Satire: Chatting GPT – The Arizona State Press

We’re in the middle of the spring semester here, and if you’re anything like me, you’ve changed majors (twice), got into a deep depressive episode, and thought about fleeing to Canada and giving yourself a new legal name . I heard Toronto is beautiful in the spring.

To be honest, this article wasn’t at the top of my to-do list. When my editors hired me in December, they said I was writing for something called The Culture Issue. You can imagine my surprise after learning that many more troubles will come after this one. Regardless of what this “automation problem” is, my final draft is due by dawn, and I’m left with little more than a disjointed grab bag of punch lines.

I have little time. The convenience store near me has been cleaned of all Red Bulls and Monsters. I guess I’ll have to settle for a Birthday Cake Bash Bang Energy. I have two Cs with five assignments in each grade book, and I’ve eaten nothing but a turkey sandwich every day for the past week. I’m too close to my deadline for consolation, so I’m giving up my principles not just as a writer but as an artist — I use artificial intelligence to do my work for me.

Unless you’ve been living under a rock in the last five months, you’ve heard about the AI ​​breakthrough ChatGPT. An auto-generated system released into the hands of the common man, ChatGPT can turn any half-baked thought into a manuscript – or a discussion post due within an hour. Getting someone to do your homework used to require beating up a nerd or something. Now anyone can have a robot do the work they’ve been putting off with the push of a button.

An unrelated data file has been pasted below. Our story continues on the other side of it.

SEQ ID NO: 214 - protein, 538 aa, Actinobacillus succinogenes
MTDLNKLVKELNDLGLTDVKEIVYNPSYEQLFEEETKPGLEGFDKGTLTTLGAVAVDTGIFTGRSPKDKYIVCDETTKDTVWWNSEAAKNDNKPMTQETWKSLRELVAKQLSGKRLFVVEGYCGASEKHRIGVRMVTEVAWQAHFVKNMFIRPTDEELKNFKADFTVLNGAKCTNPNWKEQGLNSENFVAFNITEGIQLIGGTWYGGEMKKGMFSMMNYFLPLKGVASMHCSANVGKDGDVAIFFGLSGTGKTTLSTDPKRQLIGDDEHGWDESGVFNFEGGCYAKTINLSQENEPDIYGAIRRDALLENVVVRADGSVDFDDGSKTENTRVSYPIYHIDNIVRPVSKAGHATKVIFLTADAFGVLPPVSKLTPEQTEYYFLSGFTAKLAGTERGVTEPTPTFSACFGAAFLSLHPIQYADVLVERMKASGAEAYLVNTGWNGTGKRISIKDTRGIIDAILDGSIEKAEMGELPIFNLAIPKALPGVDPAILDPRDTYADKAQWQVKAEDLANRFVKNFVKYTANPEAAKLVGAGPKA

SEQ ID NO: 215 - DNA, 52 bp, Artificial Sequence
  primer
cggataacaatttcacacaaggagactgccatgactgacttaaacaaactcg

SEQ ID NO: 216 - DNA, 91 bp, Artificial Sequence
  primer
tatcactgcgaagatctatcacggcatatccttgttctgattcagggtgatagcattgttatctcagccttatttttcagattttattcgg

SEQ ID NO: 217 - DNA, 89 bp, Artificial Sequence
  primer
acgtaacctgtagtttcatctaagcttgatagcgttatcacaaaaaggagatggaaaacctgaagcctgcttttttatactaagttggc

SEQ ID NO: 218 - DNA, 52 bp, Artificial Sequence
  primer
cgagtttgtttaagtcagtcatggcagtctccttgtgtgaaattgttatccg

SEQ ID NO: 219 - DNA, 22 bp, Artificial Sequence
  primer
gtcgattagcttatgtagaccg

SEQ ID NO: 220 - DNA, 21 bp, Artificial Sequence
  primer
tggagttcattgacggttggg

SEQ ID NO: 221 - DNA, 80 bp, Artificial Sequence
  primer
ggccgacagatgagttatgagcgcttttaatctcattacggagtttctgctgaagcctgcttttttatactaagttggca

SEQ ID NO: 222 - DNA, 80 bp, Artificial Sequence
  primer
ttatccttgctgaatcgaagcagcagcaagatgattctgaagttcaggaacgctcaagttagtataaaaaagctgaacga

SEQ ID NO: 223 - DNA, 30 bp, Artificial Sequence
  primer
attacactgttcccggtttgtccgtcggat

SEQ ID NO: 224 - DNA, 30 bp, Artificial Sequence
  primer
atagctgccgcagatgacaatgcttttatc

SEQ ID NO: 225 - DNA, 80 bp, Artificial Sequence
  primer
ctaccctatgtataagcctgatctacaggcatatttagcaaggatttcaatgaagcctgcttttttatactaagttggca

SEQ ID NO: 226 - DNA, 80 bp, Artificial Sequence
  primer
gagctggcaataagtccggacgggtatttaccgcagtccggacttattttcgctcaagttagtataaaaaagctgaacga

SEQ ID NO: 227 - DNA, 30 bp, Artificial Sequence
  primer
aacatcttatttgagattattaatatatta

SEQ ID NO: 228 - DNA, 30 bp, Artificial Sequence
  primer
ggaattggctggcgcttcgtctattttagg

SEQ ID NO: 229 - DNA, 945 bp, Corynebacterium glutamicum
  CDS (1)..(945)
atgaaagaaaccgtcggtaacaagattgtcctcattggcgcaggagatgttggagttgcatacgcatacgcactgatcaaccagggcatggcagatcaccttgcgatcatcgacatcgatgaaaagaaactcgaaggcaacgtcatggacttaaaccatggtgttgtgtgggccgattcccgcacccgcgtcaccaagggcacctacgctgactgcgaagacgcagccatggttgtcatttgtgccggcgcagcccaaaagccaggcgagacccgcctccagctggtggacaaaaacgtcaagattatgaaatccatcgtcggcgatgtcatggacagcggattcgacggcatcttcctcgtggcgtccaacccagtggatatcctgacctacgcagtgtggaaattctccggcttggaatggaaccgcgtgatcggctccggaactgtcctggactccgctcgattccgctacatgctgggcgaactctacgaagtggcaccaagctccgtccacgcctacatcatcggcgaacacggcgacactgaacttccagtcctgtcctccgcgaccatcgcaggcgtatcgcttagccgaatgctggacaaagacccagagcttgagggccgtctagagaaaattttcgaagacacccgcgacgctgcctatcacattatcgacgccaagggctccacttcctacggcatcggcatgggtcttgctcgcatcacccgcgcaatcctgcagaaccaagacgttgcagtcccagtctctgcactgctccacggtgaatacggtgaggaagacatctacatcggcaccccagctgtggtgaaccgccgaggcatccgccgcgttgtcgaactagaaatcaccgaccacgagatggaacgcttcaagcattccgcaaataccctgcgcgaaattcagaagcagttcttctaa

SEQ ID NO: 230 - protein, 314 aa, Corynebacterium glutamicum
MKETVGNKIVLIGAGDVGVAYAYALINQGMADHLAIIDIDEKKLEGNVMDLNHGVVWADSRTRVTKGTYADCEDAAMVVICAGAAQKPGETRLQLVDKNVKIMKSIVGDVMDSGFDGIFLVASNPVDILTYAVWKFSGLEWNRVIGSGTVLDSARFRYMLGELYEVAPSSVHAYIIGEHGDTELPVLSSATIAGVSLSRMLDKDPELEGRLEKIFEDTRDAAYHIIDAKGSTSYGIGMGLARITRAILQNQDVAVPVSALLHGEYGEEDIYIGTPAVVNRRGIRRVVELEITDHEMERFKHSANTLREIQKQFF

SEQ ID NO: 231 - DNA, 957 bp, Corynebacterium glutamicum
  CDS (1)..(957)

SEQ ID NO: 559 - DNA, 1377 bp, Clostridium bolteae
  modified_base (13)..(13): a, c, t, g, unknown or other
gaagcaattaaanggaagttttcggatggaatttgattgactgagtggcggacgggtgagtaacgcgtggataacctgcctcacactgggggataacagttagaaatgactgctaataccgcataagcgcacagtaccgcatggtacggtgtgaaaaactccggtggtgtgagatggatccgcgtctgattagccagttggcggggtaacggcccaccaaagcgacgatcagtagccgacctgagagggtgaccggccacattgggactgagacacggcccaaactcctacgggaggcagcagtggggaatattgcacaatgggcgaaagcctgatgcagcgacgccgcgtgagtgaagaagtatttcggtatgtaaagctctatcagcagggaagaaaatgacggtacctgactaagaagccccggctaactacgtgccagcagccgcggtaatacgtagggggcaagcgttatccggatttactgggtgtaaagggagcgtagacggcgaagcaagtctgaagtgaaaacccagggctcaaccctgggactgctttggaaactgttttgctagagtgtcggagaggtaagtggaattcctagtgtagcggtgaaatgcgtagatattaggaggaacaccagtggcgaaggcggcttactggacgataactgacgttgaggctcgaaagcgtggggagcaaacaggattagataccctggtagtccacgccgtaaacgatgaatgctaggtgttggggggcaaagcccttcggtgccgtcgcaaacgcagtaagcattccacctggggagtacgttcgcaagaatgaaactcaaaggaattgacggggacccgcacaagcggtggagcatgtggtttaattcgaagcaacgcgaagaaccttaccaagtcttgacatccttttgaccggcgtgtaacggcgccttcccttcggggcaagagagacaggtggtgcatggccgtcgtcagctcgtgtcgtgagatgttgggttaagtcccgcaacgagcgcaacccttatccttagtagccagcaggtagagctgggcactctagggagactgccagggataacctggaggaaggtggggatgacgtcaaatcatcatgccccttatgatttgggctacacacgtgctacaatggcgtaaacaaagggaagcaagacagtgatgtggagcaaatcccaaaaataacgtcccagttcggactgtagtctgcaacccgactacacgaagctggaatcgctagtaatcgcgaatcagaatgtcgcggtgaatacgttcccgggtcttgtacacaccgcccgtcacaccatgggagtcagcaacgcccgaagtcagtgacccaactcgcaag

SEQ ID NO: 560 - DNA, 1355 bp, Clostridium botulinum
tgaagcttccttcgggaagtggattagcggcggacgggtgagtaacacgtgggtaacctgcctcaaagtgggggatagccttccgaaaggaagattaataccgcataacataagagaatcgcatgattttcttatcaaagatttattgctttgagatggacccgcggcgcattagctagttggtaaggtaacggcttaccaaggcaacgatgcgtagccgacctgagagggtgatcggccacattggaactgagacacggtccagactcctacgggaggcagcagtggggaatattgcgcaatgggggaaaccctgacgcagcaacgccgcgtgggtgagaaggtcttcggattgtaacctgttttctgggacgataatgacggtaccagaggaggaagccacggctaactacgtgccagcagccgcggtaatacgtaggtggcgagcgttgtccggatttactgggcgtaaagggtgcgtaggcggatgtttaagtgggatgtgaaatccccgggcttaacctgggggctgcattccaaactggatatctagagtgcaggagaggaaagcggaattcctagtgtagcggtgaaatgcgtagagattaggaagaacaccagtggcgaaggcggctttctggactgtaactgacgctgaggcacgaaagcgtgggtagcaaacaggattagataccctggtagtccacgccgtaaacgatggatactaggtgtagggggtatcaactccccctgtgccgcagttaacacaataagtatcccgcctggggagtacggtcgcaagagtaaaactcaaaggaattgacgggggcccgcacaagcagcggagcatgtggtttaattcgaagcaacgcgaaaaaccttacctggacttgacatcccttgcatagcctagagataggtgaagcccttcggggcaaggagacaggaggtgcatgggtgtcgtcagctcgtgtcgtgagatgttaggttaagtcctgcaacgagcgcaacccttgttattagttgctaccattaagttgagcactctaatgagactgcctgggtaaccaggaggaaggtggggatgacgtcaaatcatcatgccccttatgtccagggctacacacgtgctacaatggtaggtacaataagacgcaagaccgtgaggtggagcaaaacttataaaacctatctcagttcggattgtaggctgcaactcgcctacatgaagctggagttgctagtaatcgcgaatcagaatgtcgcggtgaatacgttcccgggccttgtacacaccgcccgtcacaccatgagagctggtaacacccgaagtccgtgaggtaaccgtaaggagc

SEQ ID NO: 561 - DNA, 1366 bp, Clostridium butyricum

READ :  Meta Tweaks Its Metaverse Offerings

And that’s exactly what I’m going to do. With a little more flair, of course.

It’s the end of reality as we know it. The clunky, sweaty nightmare of virtual reality is blurring the lines between what’s real and what’s not… according to ChatGPT

Editor’s Note: Bold text was generated by ChatGPT, plain text was written by the satirist.

Virtual Reality is a technology that allows users to “immerse” in a computer-generated “environment”. Legally, “immerse” must be in quotes. “Environment” too. The technical definition for VR technology is “computer binoculars”. By strapping an ophthalmoscope to your thick skull, anyone can experience the claustrophobic comeback of the glamorized 3D glasses that are VR headsets.

It can be used for entertainment, education and training, among others. “Other things” is a very nice way of saying porn. Too nice. This paragraph really understates the pornographic use of the headsets. Seriously, now go to any VR games website and search for “girl sim”. There will be literally thousands. Don’t actually do that.

One of the main characteristics of VR is its ability to create highly realistic simulations of real-world environments and experiences. Unfortunately, it can’t offer that yet. If anyone finds a way to do this, please email [email protected].